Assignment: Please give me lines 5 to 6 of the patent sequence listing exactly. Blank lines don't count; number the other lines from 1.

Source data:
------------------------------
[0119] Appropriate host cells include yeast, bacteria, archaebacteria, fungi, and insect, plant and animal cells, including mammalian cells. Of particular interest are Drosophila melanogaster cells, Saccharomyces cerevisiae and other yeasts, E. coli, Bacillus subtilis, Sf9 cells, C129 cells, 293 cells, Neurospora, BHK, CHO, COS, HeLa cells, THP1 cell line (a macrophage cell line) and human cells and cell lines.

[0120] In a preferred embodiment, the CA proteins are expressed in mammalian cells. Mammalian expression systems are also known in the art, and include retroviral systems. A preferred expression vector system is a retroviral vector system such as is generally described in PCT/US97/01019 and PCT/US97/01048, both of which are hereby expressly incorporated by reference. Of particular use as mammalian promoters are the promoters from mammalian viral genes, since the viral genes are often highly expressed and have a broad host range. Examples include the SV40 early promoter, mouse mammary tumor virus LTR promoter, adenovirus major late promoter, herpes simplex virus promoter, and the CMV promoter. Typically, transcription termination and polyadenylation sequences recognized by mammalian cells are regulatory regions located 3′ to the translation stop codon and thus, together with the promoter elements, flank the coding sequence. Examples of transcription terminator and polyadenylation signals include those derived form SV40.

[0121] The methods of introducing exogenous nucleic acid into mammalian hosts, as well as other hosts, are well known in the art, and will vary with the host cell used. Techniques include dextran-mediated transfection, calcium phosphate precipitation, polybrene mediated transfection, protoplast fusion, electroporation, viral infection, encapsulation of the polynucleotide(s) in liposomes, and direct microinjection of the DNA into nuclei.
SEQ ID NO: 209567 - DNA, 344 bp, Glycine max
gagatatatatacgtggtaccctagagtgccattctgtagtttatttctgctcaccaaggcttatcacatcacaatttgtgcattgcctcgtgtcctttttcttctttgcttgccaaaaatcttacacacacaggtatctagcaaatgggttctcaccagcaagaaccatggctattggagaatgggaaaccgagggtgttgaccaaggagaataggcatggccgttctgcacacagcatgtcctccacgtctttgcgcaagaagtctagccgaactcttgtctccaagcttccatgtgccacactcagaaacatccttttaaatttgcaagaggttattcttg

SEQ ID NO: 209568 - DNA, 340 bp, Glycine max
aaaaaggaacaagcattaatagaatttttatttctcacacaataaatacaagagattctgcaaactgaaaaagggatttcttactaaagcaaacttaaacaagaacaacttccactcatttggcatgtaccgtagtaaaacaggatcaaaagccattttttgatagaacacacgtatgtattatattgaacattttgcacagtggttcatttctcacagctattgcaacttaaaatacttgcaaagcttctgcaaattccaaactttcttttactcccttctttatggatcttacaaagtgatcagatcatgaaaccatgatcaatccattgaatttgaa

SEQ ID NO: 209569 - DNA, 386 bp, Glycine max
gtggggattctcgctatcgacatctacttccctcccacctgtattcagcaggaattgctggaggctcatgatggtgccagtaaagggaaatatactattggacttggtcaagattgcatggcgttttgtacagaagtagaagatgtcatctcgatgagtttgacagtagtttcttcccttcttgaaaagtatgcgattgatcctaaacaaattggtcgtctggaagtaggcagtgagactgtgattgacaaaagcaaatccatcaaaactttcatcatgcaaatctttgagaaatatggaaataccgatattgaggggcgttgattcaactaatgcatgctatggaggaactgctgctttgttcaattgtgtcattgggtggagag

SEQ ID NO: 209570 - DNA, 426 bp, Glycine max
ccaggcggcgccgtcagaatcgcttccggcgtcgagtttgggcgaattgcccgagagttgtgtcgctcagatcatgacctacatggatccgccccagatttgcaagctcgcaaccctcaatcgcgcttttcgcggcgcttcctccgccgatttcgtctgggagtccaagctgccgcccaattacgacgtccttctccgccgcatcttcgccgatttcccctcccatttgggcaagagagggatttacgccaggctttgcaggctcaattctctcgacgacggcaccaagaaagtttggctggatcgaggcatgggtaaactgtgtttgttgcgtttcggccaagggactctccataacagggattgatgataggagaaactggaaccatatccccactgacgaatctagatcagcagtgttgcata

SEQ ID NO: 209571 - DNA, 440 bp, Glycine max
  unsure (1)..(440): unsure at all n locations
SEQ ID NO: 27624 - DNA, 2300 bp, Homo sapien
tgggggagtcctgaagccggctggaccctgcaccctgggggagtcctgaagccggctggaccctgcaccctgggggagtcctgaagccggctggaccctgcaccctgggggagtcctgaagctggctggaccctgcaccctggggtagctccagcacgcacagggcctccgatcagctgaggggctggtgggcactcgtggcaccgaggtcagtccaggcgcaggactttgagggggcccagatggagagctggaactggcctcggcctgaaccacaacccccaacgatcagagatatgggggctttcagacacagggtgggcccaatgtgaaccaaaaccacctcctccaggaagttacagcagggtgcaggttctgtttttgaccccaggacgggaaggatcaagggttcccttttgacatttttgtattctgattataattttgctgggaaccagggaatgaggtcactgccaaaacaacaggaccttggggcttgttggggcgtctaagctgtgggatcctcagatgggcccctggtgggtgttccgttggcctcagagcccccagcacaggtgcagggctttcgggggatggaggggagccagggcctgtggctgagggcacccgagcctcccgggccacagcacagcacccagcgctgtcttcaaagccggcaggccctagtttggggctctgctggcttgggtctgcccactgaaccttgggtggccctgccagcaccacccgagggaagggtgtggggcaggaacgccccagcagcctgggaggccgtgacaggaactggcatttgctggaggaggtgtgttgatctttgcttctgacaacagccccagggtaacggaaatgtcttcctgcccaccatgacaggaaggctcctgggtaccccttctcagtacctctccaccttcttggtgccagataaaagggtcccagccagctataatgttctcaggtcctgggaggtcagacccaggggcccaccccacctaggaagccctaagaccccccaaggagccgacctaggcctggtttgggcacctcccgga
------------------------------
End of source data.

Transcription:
gagatatatatacgtggtaccctagagtgccattctgtagtttatttctgctcaccaaggcttatcacatcacaatttgtgcattgcctcgtgtcctttttcttctttgcttgccaaaaatcttacacacacaggtatctagcaaatgggttctcaccagcaagaaccatggctattggagaatgggaaaccgagggtgttgaccaaggagaataggcatggccgttctgcacacagcatgtcctccacgtctttgcgcaagaagtctagccgaactcttgtctccaagcttccatgtgccacactcagaaacatccttttaaatttgcaagaggttattcttg

SEQ ID NO: 209568 - DNA, 340 bp, Glycine max